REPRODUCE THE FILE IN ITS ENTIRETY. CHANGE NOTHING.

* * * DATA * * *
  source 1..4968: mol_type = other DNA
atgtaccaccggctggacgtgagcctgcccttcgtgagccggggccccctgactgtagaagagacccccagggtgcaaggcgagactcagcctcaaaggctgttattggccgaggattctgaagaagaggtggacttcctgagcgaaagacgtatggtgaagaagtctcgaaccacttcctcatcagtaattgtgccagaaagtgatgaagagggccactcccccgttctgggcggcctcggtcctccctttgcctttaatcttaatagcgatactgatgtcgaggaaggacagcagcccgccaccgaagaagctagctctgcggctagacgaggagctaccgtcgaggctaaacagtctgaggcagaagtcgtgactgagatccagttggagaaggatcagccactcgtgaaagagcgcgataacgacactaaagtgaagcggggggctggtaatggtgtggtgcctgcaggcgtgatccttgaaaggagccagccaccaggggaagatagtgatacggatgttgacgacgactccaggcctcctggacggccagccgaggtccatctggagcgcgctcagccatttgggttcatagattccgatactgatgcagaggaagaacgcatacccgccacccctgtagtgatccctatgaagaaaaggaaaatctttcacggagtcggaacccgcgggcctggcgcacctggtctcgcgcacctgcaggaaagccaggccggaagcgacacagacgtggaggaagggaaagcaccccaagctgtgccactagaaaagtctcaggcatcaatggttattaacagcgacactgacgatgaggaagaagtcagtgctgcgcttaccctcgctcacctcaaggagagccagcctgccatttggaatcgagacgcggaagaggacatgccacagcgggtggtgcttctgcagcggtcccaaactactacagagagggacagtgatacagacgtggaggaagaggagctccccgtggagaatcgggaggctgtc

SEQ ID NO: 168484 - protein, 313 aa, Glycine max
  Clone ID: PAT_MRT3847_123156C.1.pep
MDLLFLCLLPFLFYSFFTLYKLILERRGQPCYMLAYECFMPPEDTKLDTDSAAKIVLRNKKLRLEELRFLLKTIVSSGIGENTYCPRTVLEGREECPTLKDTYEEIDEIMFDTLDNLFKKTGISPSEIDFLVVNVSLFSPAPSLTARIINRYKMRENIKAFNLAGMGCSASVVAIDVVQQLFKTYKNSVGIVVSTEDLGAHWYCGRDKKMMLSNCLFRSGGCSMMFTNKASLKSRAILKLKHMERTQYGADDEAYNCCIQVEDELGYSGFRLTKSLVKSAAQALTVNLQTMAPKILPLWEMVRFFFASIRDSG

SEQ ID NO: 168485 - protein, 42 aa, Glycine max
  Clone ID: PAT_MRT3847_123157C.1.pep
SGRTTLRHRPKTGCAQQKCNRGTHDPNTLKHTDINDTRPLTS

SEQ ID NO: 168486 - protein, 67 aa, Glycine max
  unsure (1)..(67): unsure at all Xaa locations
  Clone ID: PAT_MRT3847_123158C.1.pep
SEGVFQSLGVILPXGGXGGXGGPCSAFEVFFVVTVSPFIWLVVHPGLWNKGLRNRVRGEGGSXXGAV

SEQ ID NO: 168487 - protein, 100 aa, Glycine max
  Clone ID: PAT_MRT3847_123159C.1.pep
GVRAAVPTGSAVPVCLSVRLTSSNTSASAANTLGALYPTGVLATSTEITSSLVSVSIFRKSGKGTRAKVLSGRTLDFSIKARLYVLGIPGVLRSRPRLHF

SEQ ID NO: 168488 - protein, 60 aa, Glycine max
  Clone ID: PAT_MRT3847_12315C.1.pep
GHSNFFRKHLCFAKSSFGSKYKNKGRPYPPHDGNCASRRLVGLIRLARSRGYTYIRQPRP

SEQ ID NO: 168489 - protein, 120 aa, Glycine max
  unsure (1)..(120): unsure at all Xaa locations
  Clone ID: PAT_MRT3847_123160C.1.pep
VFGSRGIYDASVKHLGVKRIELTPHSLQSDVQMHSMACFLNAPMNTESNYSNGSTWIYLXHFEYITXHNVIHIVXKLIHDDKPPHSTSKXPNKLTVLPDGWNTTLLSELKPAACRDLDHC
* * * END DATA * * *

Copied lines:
  source 1..4968: mol_type = other DNA
atgtaccaccggctggacgtgagcctgcccttcgtgagccggggccccctgactgtagaagagacccccagggtgcaaggcgagactcagcctcaaaggctgttattggccgaggattctgaagaagaggtggacttcctgagcgaaagacgtatggtgaagaagtctcgaaccacttcctcatcagtaattgtgccagaaagtgatgaagagggccactcccccgttctgggcggcctcggtcctccctttgcctttaatcttaatagcgatactgatgtcgaggaaggacagcagcccgccaccgaagaagctagctctgcggctagacgaggagctaccgtcgaggctaaacagtctgaggcagaagtcgtgactgagatccagttggagaaggatcagccactcgtgaaagagcgcgataacgacactaaagtgaagcggggggctggtaatggtgtggtgcctgcaggcgtgatccttgaaaggagccagccaccaggggaagatagtgatacggatgttgacgacgactccaggcctcctggacggccagccgaggtccatctggagcgcgctcagccatttgggttcatagattccgatactgatgcagaggaagaacgcatacccgccacccctgtagtgatccctatgaagaaaaggaaaatctttcacggagtcggaacccgcgggcctggcgcacctggtctcgcgcacctgcaggaaagccaggccggaagcgacacagacgtggaggaagggaaagcaccccaagctgtgccactagaaaagtctcaggcatcaatggttattaacagcgacactgacgatgaggaagaagtcagtgctgcgcttaccctcgctcacctcaaggagagccagcctgccatttggaatcgagacgcggaagaggacatgccacagcgggtggtgcttctgcagcggtcccaaactactacagagagggacagtgatacagacgtggaggaagaggagctccccgtggagaatcgggaggctgtc

SEQ ID NO: 168484 - protein, 313 aa, Glycine max
  Clone ID: PAT_MRT3847_123156C.1.pep
MDLLFLCLLPFLFYSFFTLYKLILERRGQPCYMLAYECFMPPEDTKLDTDSAAKIVLRNKKLRLEELRFLLKTIVSSGIGENTYCPRTVLEGREECPTLKDTYEEIDEIMFDTLDNLFKKTGISPSEIDFLVVNVSLFSPAPSLTARIINRYKMRENIKAFNLAGMGCSASVVAIDVVQQLFKTYKNSVGIVVSTEDLGAHWYCGRDKKMMLSNCLFRSGGCSMMFTNKASLKSRAILKLKHMERTQYGADDEAYNCCIQVEDELGYSGFRLTKSLVKSAAQALTVNLQTMAPKILPLWEMVRFFFASIRDSG

SEQ ID NO: 168485 - protein, 42 aa, Glycine max
  Clone ID: PAT_MRT3847_123157C.1.pep
SGRTTLRHRPKTGCAQQKCNRGTHDPNTLKHTDINDTRPLTS

SEQ ID NO: 168486 - protein, 67 aa, Glycine max
  unsure (1)..(67): unsure at all Xaa locations
  Clone ID: PAT_MRT3847_123158C.1.pep
SEGVFQSLGVILPXGGXGGXGGPCSAFEVFFVVTVSPFIWLVVHPGLWNKGLRNRVRGEGGSXXGAV

SEQ ID NO: 168487 - protein, 100 aa, Glycine max
  Clone ID: PAT_MRT3847_123159C.1.pep
GVRAAVPTGSAVPVCLSVRLTSSNTSASAANTLGALYPTGVLATSTEITSSLVSVSIFRKSGKGTRAKVLSGRTLDFSIKARLYVLGIPGVLRSRPRLHF

SEQ ID NO: 168488 - protein, 60 aa, Glycine max
  Clone ID: PAT_MRT3847_12315C.1.pep
GHSNFFRKHLCFAKSSFGSKYKNKGRPYPPHDGNCASRRLVGLIRLARSRGYTYIRQPRP

SEQ ID NO: 168489 - protein, 120 aa, Glycine max
  unsure (1)..(120): unsure at all Xaa locations
  Clone ID: PAT_MRT3847_123160C.1.pep
VFGSRGIYDASVKHLGVKRIELTPHSLQSDVQMHSMACFLNAPMNTESNYSNGSTWIYLXHFEYITXHNVIHIVXKLIHDDKPPHSTSKXPNKLTVLPDGWNTTLLSELKPAACRDLDHC